While the 1st, 2nd, and 3rd place cabins received bags of candy in various yummy sizes, the staff team got something even better.
A bag of russet potatoes!!!
Little did they know that in a few short weeks Scruffy would walk into Costco to find every single bag of potatoes gone!
Or perhaps they did know, deep down inside. Either way, the potatoes were received with great joy and were distributed among the staff while the candy was distributed among the winning cabins.
It was such an amazing weekend. Not only were many snow ducks created, wild games played, God’s beautiful forest enjoyed, and songs sung at a tremendous volume … but several campers raised their hands to follow Jesus for the very first time. And please do not discount the vital role that a weekend of camp plays in the life of a young Christian who already knows the Lord. Without the encouragement of fellowship, teaching, and the fun of being with a whole herd of rowdy young believers, their Christian walk would be much more difficult. Through the grace of God, we were able to provide a safe place for these 49 children to learn about their Lord and rejoice in the beauty of following Him.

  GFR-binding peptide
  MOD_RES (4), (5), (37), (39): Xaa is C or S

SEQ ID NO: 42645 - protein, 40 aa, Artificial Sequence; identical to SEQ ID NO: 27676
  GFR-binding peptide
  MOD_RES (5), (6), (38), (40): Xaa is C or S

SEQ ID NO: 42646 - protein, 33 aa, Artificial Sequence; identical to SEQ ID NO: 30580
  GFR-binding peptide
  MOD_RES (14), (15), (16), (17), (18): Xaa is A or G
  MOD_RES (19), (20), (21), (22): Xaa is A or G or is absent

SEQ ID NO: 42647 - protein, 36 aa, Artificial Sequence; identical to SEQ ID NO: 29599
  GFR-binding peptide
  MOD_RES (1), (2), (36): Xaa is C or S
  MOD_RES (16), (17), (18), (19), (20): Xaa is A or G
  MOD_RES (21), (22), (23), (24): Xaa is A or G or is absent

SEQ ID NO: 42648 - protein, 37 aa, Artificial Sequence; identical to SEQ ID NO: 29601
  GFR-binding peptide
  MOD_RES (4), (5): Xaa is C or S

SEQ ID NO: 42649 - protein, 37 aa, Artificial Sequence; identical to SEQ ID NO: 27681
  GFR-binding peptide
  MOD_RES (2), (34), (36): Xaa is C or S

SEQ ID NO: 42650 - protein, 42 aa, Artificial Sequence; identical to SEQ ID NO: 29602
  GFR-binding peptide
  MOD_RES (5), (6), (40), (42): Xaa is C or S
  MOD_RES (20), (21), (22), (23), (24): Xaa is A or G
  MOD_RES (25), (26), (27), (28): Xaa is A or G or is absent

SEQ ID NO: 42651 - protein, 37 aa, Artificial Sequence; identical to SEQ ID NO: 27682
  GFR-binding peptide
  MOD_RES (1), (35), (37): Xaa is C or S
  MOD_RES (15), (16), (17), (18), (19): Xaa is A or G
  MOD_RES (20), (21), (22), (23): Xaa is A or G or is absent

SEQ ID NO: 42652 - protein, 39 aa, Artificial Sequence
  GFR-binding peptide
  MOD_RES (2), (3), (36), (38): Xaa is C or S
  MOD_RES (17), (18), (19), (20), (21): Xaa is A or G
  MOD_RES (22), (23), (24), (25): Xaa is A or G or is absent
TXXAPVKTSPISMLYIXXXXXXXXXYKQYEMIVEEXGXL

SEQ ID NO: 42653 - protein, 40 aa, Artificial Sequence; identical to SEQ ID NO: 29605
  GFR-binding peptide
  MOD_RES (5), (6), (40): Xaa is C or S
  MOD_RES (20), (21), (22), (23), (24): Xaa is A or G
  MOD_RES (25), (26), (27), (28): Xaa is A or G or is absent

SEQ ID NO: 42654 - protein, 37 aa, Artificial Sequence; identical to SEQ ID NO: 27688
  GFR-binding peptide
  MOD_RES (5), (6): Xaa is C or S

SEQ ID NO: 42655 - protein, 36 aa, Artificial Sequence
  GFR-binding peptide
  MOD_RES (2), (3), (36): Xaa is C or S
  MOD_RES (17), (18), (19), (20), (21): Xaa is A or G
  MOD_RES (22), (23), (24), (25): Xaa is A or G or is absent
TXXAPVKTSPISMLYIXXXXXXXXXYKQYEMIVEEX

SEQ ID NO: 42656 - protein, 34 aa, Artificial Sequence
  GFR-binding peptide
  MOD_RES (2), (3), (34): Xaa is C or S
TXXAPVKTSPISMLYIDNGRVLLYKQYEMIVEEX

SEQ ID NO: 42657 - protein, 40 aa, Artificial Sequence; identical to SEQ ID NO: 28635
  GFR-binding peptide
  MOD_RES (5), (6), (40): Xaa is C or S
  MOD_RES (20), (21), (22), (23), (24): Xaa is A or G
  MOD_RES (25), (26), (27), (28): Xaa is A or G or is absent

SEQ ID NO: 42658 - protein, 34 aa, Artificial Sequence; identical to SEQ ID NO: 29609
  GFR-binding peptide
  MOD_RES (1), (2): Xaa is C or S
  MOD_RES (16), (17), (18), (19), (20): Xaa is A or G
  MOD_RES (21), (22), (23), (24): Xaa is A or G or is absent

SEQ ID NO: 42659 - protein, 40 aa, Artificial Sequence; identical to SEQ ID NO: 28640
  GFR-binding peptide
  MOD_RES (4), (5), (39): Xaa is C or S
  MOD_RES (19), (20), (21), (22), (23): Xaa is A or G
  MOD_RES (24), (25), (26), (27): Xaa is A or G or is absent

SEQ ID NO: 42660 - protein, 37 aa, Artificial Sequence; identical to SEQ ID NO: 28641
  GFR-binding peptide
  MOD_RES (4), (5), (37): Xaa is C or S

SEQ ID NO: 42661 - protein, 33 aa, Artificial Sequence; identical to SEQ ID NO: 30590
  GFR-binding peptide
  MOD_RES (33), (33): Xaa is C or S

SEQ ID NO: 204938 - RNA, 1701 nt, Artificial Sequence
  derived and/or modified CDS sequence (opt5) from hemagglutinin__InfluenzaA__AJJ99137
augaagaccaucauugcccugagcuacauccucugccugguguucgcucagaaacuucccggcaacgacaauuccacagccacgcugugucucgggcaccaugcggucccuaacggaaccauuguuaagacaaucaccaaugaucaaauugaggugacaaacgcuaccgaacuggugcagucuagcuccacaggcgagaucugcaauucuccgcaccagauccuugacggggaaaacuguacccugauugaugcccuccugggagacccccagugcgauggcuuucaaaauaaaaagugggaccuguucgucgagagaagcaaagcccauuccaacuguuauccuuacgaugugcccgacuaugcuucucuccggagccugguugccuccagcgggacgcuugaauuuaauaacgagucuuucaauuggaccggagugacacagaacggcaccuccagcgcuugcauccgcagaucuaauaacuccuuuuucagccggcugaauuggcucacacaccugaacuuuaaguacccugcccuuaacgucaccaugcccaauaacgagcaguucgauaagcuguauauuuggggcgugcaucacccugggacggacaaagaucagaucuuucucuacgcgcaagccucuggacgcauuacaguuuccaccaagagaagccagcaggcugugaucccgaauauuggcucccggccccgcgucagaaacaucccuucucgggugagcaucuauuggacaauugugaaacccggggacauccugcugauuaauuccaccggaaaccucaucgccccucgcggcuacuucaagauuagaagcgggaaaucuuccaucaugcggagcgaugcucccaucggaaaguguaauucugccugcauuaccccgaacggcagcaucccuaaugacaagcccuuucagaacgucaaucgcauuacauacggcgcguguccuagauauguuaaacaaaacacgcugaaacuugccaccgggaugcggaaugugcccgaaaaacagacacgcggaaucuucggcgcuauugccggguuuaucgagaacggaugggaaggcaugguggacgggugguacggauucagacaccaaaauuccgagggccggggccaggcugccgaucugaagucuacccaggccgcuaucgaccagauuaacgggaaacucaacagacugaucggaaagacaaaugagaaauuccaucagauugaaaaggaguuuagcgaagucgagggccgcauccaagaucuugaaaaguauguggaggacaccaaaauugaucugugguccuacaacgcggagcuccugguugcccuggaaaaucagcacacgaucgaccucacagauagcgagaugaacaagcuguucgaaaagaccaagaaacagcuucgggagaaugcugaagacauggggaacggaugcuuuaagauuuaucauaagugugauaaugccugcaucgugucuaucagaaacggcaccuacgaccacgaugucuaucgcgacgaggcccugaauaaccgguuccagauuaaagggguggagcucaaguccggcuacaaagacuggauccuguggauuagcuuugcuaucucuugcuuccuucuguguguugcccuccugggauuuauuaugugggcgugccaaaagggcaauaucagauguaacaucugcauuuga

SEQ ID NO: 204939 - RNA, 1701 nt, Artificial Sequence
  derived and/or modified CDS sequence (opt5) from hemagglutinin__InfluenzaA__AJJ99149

Ephesians 2:4-5–“But because of his great love for us, God, who is rich in mercy, made us alive with Christ even when we were dead in transgressions–it is by grace you have been saved.”
CamasCon is our strategy board game camp. A way to connect Christian Geeks and Gamers with each other, some amazing games both new and old, and with their Lord through the awesome chapel sessions.
This of course necessitates the arrival of many games. So, so, so, many games! Games with beautiful cover art and massively thick rule books.
Games with fascinating miniatures and intricate pieces of all kinds.